Knitting’s not just for grandmas anymore. But you already know that if you live in Halifax.
For the last few years---if not more---knitting has been gaining popularity with a new generation. Let’s say you’re secretly envious of friends who knit and always wanted a knitting project to keep in your purse (or knapsack)...well, there’s no better time to start. It’s December, and nothing oozes more holiday love than a hand-knitted Christmas gift.First thing's first---you gotta learn the craft.
Getting the skillzSome learn through friends who are knitters, others through books or knitting groups. Another option now is through knitting DVDs.
Lucy Neatby is a local knitting superstar with 13 DVDs on knitting. She’s been running a knitting business for 14 years, and has a thing or two to teach anyone about showing the yarn who’s boss. “You just need an outlook that it’s wool and you can outwit it,” she says. You can find her movies at local yarn shops for around $30, or, if that doesn’t fit your budget, you can rent them at the library and check out her designs at lucyneatby.com.
If socializing is more your style, you can take a knitting class. The Loop (1547 Barrington, 429-5667) offers a class called “Knitting for Absolute Beginners.” It’s a three-hour class offered usually once a month for $35. And the Loop Group is open to all knitters every Thursday night from 6-9pm. But we'll talk more about knitting groups later.
L.K. Yarns (Hydrostone Market, 5545 Young, 431-9633) keeps a running list of those interested in classes and when they have enough people, a class is formed. A recently opened store in Tantallon called Basket of Yarn (75 Hubley Mill Lake Road, 826-8080) offers $10 drop-in help sessions Tuesday afternoons, as well as beginner classes when there’s interest.
Online must-surfsPatterns, blogs, articles and YouTube vids---all on knitting---are plentiful on the web.
Ravelry.com, a Facebook-like site where you can add your knitting friends and network with them, provides tons of resources. Knitty.com is another site, providing free patterns and articles, plus forums for discussing knitting questions. Leah McKeen, a local grad student who’s been knitting for three years, recommends knittingpatterncentral.com. It’s a free site with endless indexed patterns, including bizarre categories such as knitted foods (check out the knitted pizza slice).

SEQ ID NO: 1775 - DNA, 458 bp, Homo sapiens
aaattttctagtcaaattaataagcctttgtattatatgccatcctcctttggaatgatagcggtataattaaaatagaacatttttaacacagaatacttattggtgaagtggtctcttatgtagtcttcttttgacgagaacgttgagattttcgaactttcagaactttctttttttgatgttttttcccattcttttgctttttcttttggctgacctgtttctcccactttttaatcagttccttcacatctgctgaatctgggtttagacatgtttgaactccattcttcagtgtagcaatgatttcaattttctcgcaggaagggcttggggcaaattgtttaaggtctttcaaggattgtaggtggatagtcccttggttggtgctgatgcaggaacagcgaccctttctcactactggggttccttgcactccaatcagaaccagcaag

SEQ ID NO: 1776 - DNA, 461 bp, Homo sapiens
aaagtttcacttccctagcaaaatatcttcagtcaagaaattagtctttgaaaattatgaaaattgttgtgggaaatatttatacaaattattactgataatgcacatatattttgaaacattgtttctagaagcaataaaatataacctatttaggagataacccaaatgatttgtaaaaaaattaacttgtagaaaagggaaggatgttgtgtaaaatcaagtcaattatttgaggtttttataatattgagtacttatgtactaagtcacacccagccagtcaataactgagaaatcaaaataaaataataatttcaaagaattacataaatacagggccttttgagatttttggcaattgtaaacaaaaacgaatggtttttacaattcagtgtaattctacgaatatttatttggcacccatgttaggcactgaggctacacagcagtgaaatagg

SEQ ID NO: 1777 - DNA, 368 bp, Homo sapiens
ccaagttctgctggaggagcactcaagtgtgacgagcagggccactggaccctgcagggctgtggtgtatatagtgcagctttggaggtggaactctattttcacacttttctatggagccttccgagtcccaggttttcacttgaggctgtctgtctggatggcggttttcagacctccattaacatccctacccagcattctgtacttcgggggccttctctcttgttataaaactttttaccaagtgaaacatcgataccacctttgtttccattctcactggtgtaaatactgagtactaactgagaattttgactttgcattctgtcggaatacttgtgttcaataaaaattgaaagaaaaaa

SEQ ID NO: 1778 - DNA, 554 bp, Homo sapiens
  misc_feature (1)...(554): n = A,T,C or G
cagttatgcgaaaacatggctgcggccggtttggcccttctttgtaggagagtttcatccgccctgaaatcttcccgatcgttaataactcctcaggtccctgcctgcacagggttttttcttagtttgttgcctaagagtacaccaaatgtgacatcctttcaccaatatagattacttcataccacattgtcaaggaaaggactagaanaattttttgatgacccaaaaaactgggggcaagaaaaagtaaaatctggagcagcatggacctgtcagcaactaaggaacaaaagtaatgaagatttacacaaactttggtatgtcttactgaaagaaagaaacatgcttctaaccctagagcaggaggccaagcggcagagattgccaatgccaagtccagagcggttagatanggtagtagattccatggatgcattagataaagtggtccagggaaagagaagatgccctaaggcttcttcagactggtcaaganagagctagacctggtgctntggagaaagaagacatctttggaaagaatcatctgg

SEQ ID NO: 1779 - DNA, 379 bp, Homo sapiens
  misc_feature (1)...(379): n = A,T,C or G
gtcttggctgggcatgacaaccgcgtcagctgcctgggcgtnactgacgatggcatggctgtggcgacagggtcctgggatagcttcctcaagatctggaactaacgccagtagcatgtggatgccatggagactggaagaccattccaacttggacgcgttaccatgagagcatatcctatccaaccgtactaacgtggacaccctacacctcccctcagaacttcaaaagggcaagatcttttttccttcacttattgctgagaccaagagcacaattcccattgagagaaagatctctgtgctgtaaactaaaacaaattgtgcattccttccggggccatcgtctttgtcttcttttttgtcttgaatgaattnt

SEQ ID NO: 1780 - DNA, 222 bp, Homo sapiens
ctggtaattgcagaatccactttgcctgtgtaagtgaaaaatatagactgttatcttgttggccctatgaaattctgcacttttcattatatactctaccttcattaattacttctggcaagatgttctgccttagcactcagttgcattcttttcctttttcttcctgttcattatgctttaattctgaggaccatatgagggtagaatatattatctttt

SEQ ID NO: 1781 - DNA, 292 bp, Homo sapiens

Getting a stash togetherOnce you’ve taken a class, watched a DVD or studied a book, knitted Christmas gifts will come easily. Now you need supplies to make them.
L.K. Yarns sells local products, such as yarn by Fleece Artist, a Nova Scotia business that’s been selling hand-dyed yarn all over the world for years. McKeen says she loves that every space in L.K. Yarns is covered in yarn. “It’s like a knitting wonderland!”
In Dartmouth, there’s a store called Tangled Skeins (158C Portland Street, 464-0387). You can find supplies at Basket of Yarn, and The Loop specializes in natural fibre wools and local products. Any number of small, general craft stores in the HRM have at least a small selection of yarn and knitting supplies.
Another great way to get (free!) supplies is to tell all of your friends that you’re taking up knitting. McKeen says once people know you’re a knitter, they tend to give you their stash if they once tried it themselves and gave up. Score!
Cash-saving hintsBefore you start feeling like this whole knitting gig might get a little too pricey after the lessons are taken and the supplies are bought---fear not! Here are more tips to save you money:
Make your own needles. You can buy dowel from a craft store and just sharpen the end with a pencil sharpener. Or, better yet, try pencils or chopsticks. Scope out Value Village (209 Chain Lake 450-5134) every so often for cheap bags of mixed wool that were gutted from a basement somewhere. These bags usually cost a dollar, and can have fancy yarn in them!
It’s important to shop around for the best prices, and if you’re a student, look for discounts at local retailers. The library can loan you not just knitting DVDs, but also knitting books for reference.
Things to knit before old St. Nick gets here:Feeling like you might just want to give it a whirl, but don’t know what to make? It’s easy to knit small bags or cases of any kind, whether it’s for a cell phone, iPod or digital camera. Also popular are scarves and hats. Remember here that the bigger the wool you use, the faster you’ll finish! Fingerless gloves or wrist-warmers are also fun.
Keeping It UpIn the event that you fall in love with knitting over the holidays, you may want to join a local knitting group. There’s the Loop Group, mentioned earlier. Knit Co. has been around for ages and meets in Scott Manor House on Fort Sackville Road in Bedford, on the first Wednesday of the month at 7pm (call Susan Hannah at 835-6235). Local Jo Café and Market (2959 Oxford, 455-6225) has a knitting group that meets the last Wednesday of each month. Knitting Out Loud meets Tuesday nights at 7:30ish until around 10pm at Just Us! (5896 Spring Garden, 423-0856).
That should be all you need to call yourself a knitter, and if you’re still scared, Lucy Neatby reminds us: “There’s nothing dangerous about knitting---it’s not like making a mistake hang-gliding. You can take chances, and nothing terribly bad is going to happen.”